With Our Compliments:
Making Textbooks Work for You
FOR SPECIAL CIRCUMSTANCES
No textbook is perfect Sometimes you may have to customize it to suit your needs and those of your
- Just as secular textbooks may be criticized for ethnic stereotyping, so may some Jewish
- Discussions of holiday or life cycle observance may concentrate on customs prevalent among
Ashkenazi Jewry. Bring in visitors who celebrate differently: Sephardic, Iranian, or Iraqi Jews. If this is
impossible to arrange, create a collection of photographs or artifacts: a Yemenite wedding, an Ethiopian
Passover celebration, a Sephardic babynaming.
- If the contributions of women have been overlooked, turn a negative into a positive by asking students
to create a supplement to their text featuring women who have been neglected by the authors of the text.
You will need to provide the students with some guidance as to where to find this material. Some places to
start are the following:
Baskin, J. R. (1991). Jewish Women in Historical Perspective.
Detroit: Wayne State University Press.
Henry, S. (1978). Written Out of History: A Hidden Legacy of Jewish Women Revealed Through Their Writing
New York: Bloch Publishing Co.
Koltun, E., Ed. (1976). The Jewish Woman: New Perspectives.
New York: Schocken.
Shepherd, N. (1993). A Price Below Rubies: Jewish Women as Rebels and Radicals.
Cambridge, MA: Harvard University Press.
- Update outdated historical and geographical information by assigning tasks to student "editors" or
editorial teams. Such exercises reinforce the notion that knowledge is fluid and teaches students to think and
act like historians and geographers. Tap into artistic talent by affording students the opportunity to make new
illustrations, charts, and maps.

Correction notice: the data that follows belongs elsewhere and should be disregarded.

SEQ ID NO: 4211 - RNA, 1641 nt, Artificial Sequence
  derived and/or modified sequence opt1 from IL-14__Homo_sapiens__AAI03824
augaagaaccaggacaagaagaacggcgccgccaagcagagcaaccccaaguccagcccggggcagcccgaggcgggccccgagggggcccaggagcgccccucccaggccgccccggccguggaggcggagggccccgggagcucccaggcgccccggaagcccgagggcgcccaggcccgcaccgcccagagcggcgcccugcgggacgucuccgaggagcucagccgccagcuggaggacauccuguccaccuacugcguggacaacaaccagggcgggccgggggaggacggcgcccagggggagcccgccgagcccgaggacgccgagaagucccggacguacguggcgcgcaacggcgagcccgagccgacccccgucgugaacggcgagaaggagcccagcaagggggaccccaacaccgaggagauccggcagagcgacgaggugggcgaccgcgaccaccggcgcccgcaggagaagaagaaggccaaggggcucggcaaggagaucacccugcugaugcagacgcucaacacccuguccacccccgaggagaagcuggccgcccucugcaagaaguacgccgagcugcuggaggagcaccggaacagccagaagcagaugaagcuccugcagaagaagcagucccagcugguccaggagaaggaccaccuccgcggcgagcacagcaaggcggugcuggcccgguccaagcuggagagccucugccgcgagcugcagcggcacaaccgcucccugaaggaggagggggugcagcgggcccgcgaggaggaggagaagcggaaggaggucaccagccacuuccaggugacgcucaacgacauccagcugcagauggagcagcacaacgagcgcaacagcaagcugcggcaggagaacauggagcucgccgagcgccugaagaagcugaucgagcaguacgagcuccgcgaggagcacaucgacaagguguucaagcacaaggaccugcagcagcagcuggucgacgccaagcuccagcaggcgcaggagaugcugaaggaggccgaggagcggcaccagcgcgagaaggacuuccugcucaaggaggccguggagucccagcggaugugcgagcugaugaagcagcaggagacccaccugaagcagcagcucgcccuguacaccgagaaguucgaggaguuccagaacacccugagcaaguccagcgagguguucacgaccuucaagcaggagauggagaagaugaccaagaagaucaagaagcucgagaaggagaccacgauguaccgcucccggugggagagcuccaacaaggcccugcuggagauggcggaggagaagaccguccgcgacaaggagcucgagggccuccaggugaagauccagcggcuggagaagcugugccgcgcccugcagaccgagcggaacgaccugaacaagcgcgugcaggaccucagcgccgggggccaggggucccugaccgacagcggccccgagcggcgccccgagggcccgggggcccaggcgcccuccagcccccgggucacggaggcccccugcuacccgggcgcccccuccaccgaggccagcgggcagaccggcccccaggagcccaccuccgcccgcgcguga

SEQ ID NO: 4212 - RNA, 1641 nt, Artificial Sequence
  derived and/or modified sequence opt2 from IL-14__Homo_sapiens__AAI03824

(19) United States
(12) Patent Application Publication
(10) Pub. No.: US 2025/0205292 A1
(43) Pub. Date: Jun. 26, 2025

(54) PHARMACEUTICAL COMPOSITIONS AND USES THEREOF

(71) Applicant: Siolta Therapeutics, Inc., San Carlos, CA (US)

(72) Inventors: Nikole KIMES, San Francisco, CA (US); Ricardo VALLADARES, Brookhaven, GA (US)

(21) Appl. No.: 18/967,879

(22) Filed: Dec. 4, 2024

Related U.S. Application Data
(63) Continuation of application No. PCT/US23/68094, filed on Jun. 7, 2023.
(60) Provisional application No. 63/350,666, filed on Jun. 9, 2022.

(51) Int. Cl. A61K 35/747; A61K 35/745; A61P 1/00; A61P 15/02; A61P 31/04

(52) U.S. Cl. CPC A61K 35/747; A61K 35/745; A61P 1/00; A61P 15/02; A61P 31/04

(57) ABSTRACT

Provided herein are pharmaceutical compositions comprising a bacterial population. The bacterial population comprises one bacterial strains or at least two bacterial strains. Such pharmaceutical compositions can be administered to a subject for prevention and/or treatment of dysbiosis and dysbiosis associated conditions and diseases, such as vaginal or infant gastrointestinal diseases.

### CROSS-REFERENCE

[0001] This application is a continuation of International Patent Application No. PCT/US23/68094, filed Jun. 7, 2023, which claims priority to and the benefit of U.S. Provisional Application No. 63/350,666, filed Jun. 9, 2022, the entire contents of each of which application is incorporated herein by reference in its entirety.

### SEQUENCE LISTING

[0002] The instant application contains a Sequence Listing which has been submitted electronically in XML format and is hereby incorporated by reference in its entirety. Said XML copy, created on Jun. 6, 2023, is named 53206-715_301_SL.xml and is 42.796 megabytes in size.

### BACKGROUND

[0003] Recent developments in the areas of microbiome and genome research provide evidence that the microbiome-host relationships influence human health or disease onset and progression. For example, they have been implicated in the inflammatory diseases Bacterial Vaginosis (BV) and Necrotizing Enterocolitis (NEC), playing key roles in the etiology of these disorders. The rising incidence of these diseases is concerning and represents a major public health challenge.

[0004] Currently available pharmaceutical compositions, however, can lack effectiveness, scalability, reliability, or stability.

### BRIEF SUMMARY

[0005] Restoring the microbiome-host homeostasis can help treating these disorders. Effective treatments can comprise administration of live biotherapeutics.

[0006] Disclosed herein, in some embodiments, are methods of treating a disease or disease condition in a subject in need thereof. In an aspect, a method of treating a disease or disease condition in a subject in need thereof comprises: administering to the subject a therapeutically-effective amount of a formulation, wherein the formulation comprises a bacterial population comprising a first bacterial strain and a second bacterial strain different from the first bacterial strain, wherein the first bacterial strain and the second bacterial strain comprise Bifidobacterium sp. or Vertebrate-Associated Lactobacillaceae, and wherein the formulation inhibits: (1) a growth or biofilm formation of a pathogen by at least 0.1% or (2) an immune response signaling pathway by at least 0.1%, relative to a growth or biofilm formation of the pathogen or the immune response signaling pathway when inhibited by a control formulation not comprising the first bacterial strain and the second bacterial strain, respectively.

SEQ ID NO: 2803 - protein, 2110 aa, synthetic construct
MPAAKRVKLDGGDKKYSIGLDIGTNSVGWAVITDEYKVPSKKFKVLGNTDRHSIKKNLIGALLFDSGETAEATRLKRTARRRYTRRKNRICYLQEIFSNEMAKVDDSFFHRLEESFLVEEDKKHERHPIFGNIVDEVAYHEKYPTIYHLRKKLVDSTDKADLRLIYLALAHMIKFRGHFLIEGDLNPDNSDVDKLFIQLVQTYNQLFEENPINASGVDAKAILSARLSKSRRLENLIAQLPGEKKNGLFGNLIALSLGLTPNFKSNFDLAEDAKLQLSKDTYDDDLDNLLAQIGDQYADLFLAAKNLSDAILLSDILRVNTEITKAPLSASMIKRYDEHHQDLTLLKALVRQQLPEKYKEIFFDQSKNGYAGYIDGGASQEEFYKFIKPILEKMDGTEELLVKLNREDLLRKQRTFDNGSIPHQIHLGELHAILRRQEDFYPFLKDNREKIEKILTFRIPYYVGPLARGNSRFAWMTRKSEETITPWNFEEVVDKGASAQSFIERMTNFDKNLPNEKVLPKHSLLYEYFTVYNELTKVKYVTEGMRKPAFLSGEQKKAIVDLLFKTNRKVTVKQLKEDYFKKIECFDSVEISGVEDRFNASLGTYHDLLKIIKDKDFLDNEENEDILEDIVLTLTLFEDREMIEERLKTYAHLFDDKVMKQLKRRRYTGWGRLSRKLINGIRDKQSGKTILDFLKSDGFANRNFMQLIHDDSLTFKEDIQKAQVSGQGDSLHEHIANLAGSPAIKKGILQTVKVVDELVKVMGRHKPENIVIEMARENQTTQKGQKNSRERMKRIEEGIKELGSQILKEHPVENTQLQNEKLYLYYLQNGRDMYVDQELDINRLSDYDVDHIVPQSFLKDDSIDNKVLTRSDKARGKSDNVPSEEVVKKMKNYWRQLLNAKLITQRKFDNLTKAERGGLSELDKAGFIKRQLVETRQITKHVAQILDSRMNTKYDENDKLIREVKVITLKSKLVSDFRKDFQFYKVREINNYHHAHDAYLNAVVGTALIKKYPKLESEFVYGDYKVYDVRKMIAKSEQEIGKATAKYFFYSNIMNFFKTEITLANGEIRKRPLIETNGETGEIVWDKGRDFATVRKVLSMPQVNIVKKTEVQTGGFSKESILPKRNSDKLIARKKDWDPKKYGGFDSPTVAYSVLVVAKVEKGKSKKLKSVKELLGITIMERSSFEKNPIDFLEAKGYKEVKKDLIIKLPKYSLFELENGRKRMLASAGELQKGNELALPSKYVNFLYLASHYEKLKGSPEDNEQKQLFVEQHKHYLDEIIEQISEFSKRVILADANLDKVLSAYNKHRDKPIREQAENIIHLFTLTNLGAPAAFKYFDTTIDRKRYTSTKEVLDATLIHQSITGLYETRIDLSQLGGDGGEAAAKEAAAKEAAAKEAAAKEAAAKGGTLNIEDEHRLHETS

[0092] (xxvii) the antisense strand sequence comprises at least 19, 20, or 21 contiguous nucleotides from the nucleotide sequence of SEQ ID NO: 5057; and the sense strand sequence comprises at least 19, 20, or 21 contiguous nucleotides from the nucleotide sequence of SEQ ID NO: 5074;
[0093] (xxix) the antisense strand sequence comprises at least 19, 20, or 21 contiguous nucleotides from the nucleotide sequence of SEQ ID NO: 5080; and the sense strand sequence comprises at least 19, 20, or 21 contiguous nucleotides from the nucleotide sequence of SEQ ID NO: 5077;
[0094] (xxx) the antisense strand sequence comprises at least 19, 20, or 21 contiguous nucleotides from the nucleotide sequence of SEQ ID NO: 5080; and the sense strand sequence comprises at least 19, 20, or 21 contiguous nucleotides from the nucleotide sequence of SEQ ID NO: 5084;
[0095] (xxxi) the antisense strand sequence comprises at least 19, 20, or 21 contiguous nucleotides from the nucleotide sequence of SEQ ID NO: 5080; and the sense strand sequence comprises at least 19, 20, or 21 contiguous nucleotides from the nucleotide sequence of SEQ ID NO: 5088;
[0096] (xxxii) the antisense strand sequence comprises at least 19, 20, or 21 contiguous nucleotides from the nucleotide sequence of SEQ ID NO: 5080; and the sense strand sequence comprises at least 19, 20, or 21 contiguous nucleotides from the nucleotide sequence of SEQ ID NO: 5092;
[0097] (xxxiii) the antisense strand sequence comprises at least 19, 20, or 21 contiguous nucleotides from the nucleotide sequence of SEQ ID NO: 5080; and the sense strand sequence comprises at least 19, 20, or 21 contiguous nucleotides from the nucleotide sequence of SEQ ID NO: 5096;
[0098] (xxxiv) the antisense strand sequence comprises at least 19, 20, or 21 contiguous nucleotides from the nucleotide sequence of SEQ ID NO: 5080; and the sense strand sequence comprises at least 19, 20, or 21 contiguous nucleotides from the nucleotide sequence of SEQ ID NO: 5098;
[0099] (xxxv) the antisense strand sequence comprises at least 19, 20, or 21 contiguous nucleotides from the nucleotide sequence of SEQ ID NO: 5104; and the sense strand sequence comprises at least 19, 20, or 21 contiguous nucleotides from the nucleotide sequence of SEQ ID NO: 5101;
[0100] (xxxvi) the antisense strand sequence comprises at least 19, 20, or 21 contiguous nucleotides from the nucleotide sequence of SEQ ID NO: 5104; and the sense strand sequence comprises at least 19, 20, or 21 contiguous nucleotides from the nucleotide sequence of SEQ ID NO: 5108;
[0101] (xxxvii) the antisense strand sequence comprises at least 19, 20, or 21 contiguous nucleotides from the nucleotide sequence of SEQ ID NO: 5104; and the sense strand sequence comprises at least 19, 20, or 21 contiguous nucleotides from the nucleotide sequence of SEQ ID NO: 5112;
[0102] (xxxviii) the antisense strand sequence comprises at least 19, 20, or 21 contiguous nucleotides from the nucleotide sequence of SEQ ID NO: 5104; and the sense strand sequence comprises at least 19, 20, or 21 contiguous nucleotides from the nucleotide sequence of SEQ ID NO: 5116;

- Ask students to add a personal dimension to textbooks on Jewish holidays. How are these
holidays celebrated in the synagogue? In their homes? Create a class supplement to the textbook. You might try a
similar supplement to a textbook on Israel if there are students who have been to Israel or whose parents can
contribute stories, maps, photographs, and other artifacts.
- No Jewish history text can tell the story of every community. Create a supplement to your
textbook by asking the students to produce a local Jewish history. Include maps, the story of Jewish landmarks and
institutions, and oral histories of older residents.
Sometimes you may have one or more copies of an outdated text Here are some suggestions as to how to
recycle an old textbook:
- Compare and contrast: How is a subject treated differently in different texts? (This is a
particularly effective strategy for a social studies topic: Jewish history or a course on Israel.) Not only is this
exercise a great way to point out the dynamic nature of scholarship, but it teaches critical thinking skills.
"Oh, no. I'm not defacing the textbook ....
I'm just adding a commentary."
- Cut up and use the illustrations:
- For bulletin boards.
- As opportunities for individualized writing assignments. ("What do you think is going on here?"
is a question that can be answered in Hebrew or in English.)
- As motivators to introduce new subject matter.
- As topics for class discussion. (With a large class, you may want to convert a black and white illustration into
a transparency to be used with an overhead projector.)
- Select what works:
- The text may be outdated, but there may be some wonderful thought questions for class discussion or
- Cut up Hebrew stories for staged readings.
- Use chunks of Hebrew conversations as opportunities for partners to practice Hebrew reading. Add two toy
telephones for a touch of reality.
- Cut up and laminate exercises from old books. Store them in shoe boxes, and use them for individualized